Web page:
20/20 isn’t perfect

The measure most people want to achieve with Snellen visual acuity is 20/20 vision.  While 20/20 is pretty darn good vision, in reality, 20/20 is not exceptional vision so much as it is more like the lowest possible visual acuity a person can have and be considered normal.  In fact, many people have the potential to see somewhere between 20/16 and 20/12 which means that they see even better than 20/20!

Paul B. (Halifax)

Paul B. (Halifax)

What do the numbers mean?

People also ask me to explain what the numbers mean.  As an example, take a person with 20/40 vision.  A person with 20/40 is at a disadvantage compared to a person with normal, 20/20 vision.  In fact, a person with 20/40 vision would have to stand 20 feet away from something that a person with normal vision can stand 40 feet away from and still see.

A number of factors like eye disease, the eye’s length and curvature, and the quality of connection between the eye and the processing centers in the brain come together to determine visual acuity.  Some factors, like nearsightedness, come with easy solutions like glasses.  Others, like macular degeneration, are much more complex and simple solutions like glasses only offer minimal improvement.  If a patient has very poor visual acuity, they may need magnifiers and telescopic lenses to help.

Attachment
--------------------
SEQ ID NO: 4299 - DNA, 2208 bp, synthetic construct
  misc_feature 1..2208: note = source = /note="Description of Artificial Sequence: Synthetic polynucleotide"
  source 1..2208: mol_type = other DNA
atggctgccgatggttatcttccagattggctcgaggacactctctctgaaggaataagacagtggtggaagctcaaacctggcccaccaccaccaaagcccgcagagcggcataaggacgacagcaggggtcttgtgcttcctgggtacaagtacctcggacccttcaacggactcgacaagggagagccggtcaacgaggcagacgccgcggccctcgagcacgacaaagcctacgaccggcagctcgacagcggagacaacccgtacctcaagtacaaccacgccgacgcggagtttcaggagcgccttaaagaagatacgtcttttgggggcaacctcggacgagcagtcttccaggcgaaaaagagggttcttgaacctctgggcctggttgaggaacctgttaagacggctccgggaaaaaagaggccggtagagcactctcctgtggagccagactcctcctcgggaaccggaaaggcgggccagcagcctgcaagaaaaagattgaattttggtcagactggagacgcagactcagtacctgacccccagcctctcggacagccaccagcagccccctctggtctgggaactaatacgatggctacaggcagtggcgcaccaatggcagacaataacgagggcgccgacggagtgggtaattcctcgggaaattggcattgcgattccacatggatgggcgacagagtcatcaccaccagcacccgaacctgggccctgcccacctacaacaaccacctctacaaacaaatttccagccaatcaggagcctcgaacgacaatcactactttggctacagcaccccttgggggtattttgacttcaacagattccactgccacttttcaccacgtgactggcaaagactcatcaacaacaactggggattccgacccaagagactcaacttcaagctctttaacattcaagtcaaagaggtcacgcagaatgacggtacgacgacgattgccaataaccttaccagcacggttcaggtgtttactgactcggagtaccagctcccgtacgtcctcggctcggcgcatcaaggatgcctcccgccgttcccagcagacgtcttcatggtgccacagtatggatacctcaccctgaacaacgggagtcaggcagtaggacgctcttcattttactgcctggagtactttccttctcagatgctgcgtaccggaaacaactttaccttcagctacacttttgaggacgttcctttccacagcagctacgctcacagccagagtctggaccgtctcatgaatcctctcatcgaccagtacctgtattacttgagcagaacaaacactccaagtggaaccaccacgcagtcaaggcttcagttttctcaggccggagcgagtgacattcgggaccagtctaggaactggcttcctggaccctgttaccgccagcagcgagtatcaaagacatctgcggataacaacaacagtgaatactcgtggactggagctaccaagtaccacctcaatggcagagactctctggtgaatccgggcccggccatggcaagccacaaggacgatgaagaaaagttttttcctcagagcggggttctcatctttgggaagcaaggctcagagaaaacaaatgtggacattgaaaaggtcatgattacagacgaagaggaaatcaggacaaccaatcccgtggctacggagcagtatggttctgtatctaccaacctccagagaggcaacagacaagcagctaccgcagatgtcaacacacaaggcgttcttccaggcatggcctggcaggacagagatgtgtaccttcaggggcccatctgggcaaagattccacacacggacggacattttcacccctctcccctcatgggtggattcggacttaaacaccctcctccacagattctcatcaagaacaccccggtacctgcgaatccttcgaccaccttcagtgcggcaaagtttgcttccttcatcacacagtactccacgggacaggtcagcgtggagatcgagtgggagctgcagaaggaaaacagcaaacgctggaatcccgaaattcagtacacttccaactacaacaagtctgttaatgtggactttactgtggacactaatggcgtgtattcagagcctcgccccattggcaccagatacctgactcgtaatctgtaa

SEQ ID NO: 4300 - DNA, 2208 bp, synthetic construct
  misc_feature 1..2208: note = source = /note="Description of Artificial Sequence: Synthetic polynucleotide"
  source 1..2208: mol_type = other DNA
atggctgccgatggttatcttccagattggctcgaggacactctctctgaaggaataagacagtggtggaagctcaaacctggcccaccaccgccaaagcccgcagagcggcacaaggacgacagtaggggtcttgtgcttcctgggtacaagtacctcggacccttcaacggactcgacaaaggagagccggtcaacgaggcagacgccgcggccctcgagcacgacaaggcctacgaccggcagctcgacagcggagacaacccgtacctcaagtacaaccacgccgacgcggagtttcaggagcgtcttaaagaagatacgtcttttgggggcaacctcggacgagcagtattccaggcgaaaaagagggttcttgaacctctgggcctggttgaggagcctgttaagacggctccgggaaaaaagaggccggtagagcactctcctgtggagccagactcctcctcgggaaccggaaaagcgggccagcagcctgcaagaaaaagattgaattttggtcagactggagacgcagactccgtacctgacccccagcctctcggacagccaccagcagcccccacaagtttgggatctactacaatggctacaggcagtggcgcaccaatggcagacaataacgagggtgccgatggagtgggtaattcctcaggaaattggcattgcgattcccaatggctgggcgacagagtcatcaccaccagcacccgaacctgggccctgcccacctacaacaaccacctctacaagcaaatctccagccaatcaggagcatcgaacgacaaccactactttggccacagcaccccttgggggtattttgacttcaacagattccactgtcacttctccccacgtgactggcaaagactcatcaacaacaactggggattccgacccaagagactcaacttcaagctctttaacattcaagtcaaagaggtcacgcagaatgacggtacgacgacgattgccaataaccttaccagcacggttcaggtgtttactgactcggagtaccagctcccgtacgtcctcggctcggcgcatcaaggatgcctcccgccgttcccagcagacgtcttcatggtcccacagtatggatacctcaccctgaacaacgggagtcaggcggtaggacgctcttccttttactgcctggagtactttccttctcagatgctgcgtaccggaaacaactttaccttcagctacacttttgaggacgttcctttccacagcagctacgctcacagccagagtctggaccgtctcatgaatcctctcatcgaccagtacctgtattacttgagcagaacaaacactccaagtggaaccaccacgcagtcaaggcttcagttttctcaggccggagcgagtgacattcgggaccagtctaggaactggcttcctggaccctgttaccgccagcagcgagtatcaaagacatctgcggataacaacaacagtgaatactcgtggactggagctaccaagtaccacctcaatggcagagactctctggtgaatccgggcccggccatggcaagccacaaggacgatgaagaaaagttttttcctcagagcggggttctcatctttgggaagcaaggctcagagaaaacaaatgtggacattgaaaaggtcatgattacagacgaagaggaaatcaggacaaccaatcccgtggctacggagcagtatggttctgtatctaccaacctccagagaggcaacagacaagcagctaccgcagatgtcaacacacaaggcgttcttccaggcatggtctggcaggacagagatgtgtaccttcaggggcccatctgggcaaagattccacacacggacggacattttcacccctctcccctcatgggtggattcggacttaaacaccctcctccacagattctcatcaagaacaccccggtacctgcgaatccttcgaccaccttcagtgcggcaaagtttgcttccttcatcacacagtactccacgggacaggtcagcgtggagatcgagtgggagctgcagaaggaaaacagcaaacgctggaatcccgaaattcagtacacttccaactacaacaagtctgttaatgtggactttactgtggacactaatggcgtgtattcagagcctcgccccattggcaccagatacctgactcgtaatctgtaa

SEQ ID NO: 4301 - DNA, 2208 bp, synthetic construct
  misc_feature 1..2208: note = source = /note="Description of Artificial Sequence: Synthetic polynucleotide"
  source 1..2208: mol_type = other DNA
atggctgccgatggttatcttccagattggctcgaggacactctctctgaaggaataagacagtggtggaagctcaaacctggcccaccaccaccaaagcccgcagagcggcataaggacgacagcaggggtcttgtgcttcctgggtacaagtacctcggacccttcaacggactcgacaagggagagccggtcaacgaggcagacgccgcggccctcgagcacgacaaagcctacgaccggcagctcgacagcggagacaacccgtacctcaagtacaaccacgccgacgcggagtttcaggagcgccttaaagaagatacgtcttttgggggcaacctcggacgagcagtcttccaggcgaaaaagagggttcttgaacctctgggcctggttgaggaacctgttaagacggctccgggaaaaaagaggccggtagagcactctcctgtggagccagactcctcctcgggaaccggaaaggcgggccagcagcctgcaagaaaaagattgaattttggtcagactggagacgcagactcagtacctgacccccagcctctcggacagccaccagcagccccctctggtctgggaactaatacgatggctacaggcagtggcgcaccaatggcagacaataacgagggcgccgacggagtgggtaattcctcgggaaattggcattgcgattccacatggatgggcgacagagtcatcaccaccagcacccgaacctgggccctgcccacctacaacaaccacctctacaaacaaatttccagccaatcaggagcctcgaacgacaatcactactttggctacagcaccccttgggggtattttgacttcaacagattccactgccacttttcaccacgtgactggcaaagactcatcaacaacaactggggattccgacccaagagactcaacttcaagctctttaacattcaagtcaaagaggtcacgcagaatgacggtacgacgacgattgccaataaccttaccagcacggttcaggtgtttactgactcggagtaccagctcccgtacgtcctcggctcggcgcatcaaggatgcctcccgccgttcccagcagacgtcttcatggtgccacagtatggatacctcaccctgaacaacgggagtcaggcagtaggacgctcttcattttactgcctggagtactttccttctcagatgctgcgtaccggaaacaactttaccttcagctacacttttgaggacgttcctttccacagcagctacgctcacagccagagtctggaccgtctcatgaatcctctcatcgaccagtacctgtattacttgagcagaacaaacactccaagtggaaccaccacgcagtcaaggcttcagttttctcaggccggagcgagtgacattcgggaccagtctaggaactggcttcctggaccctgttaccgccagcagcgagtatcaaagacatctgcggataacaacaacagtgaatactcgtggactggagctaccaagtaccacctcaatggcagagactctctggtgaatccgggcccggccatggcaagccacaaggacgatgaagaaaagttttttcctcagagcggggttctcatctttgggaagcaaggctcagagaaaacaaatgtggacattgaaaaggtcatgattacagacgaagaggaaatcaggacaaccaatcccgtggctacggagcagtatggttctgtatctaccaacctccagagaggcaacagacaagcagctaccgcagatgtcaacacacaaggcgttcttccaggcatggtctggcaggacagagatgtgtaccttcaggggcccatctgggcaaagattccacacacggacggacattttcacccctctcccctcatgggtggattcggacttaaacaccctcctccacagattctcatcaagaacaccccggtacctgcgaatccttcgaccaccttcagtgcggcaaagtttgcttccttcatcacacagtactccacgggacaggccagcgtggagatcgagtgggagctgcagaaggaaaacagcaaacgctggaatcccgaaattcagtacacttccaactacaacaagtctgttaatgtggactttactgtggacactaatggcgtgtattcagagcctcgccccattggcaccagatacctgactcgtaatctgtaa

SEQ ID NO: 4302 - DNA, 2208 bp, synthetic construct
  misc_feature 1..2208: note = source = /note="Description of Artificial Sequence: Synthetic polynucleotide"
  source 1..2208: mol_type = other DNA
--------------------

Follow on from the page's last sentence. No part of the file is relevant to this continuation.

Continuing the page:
So,  the next time you go to the optometrist, give the 20/15 line a shot.  Good luck!

~David Ardaya, OD
California Optometric Association
http://eyehelp.org
http://www.coavision.org

Health care reform & vision coverage for your children

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Children’s vision now covered by most plans
If your child is covered by an individual or group health insurance plan in California, their annual eye exam and eye glasses are covered with no out-of-pocket cost until the child reaches age 19. This is required for health plans purchased through or outside Covered California.

Legal residents of California will be able to get health coverage through a new marketplace established by Covered California. Starting in 2014, there will be several new and expanded government programs, including Medi-Cal, that offer financial assistance to reduce the cost of health insurance.